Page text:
Arthroscopy of the shoulder which first began in the 20th century, has greatly improved the ability to diagnose and treat problems of the shoulder joint, leading to a very significant improvement in the results obtained.
Arthroscopy is a mini-invasive technique where, through small incisions (approximately 0.5 cm), a camera and instruments are introduced. This allows direct visual access of all shoulder joint structures and simultaneous treatment of the lesion. The advantages is less tissue destruction to reach the affected joint, consequently, less postoperative pain and greater speed in the rehabilitation process when compared to conventional open surgery.
From an aesthetic point of view the small incisions usually become imperceptible at the end of a few months, avoiding large scars. Using this arthroscopic technique, it is possible to significantly increase diagnostic accuracy and treat pathologies/diseases. This is due to the direct visualization of the shoulder joint. Patients who were condemned to live their lives with the diagnosis of "tendinitis" began to see their lesions diagnosed and treated. 
There are lesions however where classic open surgery remains necessary, due to the inherent pathology and necessary technique (fixation of fractures or arthroplasty, for example).
However, it is important to point out that surgery is not always necessary in the treatment of most pathologies of the shoulder. However, the diagnosis of non-surgical treatment is complex and must be address with additional differentiated care when compared to surgical treatment.
Following the highly diverse areas of Orthopaedics in recent years, the Hospital Particular do Algarve has since 2014 an Orthopaedic Consultation specifically dedicated to shoulder and elbow pathology.
This consultation was first initiated by Dr Diogo Silva Gomes and now also Dr Maria Miguel Carvalho is working in this area of Orthopaedics. This consultation is dedicated to the diagnosis and treatment of all injuries involving the complex shoulder joint, namely in the treatment of fractures, sports injuries, arthrosis or ligament and tendon injuries.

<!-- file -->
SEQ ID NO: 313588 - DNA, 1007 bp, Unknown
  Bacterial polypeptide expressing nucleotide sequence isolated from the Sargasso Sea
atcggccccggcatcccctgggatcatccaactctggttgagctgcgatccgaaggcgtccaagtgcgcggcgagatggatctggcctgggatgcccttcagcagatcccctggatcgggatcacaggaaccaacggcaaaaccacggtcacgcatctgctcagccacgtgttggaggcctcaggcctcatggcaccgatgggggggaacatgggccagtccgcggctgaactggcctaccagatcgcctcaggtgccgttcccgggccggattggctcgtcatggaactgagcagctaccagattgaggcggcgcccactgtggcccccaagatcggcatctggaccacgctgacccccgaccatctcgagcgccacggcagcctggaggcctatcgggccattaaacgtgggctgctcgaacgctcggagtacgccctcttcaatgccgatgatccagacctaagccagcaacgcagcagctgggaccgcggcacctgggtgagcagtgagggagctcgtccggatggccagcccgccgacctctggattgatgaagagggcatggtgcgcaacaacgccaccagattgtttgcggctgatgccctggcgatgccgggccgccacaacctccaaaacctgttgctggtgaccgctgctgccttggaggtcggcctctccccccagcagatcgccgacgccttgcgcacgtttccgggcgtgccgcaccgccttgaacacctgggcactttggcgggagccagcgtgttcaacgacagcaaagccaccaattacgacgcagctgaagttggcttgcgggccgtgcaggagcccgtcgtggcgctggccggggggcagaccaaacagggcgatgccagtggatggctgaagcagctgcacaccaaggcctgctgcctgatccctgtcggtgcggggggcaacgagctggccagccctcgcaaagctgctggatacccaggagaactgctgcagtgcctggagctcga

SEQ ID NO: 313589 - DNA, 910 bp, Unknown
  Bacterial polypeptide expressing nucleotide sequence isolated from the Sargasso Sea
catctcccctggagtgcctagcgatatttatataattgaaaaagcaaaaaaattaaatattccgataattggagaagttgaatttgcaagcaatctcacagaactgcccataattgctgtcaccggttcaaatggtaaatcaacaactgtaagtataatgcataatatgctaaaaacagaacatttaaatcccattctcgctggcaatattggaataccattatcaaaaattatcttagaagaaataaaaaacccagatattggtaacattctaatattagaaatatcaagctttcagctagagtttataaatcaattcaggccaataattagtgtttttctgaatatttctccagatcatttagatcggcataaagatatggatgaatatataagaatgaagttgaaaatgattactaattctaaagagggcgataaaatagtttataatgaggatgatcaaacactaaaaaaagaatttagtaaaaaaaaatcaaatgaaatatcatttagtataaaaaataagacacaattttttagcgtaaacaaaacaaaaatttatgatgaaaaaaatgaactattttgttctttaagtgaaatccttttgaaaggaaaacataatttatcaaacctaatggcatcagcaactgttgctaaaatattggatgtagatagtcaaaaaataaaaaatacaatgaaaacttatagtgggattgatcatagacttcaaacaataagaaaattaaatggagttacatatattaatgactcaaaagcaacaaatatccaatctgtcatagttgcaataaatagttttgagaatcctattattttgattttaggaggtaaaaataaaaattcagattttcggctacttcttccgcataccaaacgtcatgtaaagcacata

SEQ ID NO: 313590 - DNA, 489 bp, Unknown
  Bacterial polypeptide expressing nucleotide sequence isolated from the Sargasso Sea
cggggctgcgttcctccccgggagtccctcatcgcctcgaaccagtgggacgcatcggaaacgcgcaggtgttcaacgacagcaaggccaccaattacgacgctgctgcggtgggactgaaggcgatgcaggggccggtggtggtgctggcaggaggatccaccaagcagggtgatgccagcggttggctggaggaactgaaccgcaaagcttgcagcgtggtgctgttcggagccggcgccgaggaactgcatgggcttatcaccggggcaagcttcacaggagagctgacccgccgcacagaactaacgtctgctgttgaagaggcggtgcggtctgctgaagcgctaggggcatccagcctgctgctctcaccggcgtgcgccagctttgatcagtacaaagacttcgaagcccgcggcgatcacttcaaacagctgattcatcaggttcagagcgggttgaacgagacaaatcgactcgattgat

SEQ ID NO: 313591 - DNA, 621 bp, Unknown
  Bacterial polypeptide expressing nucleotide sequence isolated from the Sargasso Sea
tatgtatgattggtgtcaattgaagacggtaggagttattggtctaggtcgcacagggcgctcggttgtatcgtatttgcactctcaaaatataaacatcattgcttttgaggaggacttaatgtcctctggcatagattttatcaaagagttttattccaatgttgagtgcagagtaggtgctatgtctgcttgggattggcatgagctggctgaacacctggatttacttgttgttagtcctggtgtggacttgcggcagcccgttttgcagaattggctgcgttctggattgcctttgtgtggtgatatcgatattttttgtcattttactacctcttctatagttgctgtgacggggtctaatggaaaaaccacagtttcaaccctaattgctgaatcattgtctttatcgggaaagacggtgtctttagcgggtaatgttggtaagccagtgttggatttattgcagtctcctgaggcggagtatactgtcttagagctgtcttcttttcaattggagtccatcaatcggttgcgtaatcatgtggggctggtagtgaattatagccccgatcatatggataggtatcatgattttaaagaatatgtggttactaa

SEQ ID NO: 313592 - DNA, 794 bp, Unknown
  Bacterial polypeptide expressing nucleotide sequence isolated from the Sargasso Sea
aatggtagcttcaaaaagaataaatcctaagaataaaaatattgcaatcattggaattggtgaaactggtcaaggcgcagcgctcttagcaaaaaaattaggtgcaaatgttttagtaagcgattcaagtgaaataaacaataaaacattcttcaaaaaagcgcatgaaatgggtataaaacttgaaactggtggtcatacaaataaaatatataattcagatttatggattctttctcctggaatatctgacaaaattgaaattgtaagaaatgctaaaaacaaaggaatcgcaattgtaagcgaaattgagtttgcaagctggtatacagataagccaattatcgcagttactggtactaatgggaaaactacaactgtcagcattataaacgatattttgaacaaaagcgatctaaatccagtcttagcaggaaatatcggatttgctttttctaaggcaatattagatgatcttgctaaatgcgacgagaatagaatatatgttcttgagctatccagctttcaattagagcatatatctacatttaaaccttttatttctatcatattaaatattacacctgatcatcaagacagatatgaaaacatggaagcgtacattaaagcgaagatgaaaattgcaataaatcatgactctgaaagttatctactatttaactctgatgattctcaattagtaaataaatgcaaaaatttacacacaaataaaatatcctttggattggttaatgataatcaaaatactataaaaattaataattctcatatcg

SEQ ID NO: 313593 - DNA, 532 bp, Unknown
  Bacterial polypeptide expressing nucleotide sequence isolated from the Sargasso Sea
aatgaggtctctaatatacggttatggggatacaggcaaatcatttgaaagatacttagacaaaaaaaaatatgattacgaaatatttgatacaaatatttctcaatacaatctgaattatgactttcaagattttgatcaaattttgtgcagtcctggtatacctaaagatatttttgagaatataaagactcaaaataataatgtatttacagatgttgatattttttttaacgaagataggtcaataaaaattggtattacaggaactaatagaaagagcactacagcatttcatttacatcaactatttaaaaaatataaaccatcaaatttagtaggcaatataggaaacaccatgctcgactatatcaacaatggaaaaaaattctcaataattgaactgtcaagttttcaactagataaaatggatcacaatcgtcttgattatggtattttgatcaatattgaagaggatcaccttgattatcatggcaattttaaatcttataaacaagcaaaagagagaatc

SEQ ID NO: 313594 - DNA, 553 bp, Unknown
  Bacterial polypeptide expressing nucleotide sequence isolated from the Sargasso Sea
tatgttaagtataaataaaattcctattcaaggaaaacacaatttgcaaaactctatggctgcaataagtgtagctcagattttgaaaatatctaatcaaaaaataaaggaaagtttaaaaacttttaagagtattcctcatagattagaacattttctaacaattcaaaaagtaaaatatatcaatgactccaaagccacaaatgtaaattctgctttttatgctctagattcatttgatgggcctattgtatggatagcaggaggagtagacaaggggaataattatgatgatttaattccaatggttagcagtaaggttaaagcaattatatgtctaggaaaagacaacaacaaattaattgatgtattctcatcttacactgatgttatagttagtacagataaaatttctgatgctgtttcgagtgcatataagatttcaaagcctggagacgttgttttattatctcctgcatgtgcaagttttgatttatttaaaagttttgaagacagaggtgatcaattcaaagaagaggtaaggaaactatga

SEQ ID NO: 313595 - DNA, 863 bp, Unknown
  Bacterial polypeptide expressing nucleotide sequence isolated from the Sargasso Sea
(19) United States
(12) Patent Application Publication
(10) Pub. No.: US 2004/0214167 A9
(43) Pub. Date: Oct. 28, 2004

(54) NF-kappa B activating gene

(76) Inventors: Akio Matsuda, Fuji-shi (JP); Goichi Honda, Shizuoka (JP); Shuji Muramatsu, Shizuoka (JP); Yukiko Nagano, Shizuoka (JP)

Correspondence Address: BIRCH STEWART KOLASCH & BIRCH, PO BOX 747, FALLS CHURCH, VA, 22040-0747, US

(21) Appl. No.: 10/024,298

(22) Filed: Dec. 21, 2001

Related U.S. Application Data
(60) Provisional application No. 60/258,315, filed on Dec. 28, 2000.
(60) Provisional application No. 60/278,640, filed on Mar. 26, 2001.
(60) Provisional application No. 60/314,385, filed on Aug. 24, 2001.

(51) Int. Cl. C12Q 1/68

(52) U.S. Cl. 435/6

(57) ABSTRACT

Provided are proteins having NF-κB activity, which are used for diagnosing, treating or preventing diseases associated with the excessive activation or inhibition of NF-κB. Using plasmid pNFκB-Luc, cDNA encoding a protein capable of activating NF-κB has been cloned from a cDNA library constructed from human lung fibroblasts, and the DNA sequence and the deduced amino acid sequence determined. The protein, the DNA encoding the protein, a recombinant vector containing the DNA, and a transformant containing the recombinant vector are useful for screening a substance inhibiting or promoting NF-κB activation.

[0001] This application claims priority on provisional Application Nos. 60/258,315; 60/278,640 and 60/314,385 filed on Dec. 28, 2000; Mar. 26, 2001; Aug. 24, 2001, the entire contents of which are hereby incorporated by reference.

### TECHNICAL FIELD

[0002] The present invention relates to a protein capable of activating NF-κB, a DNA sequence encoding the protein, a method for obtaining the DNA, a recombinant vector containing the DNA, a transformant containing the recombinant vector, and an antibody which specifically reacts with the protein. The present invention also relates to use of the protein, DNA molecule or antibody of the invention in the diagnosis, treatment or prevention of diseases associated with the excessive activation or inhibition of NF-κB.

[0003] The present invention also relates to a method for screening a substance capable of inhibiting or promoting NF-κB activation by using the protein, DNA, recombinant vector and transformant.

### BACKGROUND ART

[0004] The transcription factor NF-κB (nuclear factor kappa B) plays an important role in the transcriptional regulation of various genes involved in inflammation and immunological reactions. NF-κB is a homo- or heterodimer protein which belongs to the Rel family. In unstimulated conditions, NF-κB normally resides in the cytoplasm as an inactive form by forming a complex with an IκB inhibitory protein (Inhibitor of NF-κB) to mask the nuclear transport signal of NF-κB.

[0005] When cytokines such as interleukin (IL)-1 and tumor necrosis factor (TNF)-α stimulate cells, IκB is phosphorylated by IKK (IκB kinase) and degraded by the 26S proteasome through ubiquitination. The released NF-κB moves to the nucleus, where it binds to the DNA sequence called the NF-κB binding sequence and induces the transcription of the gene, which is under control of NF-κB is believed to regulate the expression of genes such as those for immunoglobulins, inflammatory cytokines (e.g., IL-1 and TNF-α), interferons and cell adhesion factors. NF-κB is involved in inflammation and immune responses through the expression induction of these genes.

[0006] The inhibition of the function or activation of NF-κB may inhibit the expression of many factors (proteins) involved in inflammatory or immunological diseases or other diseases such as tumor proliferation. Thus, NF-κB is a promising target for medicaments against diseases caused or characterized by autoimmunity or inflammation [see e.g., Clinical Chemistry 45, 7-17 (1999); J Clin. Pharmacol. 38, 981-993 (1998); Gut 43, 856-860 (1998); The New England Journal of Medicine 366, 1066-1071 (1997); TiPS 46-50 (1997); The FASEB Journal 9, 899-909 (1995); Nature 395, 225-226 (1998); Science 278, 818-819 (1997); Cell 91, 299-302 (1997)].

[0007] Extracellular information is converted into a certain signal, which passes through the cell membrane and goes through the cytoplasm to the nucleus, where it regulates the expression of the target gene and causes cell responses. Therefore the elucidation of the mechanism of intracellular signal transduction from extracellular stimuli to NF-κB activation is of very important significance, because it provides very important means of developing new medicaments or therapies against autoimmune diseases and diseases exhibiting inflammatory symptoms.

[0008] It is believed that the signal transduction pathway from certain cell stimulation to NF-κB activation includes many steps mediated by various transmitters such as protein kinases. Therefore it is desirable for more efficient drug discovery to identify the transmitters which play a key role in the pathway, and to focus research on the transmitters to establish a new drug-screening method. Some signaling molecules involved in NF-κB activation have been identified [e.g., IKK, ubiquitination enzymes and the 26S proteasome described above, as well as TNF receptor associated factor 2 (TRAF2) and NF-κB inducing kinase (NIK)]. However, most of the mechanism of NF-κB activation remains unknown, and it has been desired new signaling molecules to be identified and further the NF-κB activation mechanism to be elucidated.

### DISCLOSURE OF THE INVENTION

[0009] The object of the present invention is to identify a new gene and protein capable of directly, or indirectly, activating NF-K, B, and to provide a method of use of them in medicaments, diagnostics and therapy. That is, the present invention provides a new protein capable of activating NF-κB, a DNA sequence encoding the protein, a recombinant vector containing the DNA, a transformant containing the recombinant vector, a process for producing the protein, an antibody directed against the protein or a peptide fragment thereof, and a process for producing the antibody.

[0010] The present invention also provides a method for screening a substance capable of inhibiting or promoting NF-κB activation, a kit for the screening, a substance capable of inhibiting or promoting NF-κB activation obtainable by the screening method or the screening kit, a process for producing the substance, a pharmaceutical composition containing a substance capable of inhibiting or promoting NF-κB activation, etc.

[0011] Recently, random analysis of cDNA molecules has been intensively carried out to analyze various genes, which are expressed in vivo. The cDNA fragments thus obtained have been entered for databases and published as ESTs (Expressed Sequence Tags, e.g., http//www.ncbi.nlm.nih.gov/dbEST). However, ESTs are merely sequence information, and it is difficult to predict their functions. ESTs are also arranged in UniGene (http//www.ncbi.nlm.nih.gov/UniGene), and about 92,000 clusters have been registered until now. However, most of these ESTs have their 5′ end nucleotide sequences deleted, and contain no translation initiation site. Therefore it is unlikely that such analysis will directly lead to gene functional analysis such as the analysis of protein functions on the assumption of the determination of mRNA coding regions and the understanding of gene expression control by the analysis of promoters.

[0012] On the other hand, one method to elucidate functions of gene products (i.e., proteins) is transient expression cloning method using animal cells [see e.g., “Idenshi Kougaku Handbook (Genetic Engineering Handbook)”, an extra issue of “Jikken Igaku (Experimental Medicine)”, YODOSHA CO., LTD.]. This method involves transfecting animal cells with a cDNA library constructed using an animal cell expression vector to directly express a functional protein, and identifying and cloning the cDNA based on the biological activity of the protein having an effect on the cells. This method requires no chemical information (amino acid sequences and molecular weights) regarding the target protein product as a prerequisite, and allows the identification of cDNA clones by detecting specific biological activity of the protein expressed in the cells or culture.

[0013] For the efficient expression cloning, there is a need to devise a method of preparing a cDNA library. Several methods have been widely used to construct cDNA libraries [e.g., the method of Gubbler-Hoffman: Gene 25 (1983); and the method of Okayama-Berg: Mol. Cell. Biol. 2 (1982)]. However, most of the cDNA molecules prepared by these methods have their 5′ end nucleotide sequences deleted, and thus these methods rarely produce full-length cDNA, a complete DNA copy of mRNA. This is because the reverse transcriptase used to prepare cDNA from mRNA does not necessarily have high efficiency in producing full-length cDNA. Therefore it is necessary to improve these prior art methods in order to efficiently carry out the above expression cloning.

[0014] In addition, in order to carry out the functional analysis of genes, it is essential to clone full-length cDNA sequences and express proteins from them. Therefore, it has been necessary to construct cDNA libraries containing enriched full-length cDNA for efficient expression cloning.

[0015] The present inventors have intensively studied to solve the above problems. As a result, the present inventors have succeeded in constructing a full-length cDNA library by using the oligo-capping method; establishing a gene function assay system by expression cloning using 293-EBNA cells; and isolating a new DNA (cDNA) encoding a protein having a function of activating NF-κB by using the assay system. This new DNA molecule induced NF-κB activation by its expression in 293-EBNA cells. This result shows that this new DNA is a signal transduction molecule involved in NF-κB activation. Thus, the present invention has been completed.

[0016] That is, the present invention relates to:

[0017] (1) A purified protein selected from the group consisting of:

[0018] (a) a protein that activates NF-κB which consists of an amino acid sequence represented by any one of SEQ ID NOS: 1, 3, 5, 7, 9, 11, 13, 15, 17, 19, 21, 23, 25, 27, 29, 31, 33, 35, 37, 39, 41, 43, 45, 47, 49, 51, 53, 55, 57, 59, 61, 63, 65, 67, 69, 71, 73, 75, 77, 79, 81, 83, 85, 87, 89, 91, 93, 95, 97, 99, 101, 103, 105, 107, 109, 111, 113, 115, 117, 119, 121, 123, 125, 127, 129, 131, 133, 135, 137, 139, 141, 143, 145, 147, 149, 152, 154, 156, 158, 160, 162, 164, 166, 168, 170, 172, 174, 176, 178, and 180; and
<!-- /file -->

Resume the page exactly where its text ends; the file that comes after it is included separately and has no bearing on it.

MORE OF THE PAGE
The unit is equipped to perform treatment of shoulder pathologies, both non-surgical and surgical (open or arthroscopic), always using the latest techniques and technology available.
The Shoulder and Elbow Consultation takes place every Wednesday at Gambelas Hospital and Thursdays at the Alvor Hospital with Dr Maria Miguel Carvalho and monthly at the Gambelas Hospital with Dr Diogo Silva Gomes.
Combining theoretical knowledge with technical experience, this specialised team manages to offer the latest treatment available, in all areas of shoulder pathology.


Most frequent arthroscopic surgery

  • Rotator cuff tendon rupture;
  • Subacromial impingement syndrome;
  • Calcified tendinopathy of the rotator cuff;
  • Instability and dislocation of the shoulder (some cases);
  • Dislocations of the acromioclavicular joint;
  • Frozen shoulder.

Most frequent open surgery

  • Shoulder fractures (osteosynthesis or arthroplasty);
  • Shoulder arthrosis (anatomical or reverse arthroplasty);
  • Instability and dislocation of the shoulder (some cases).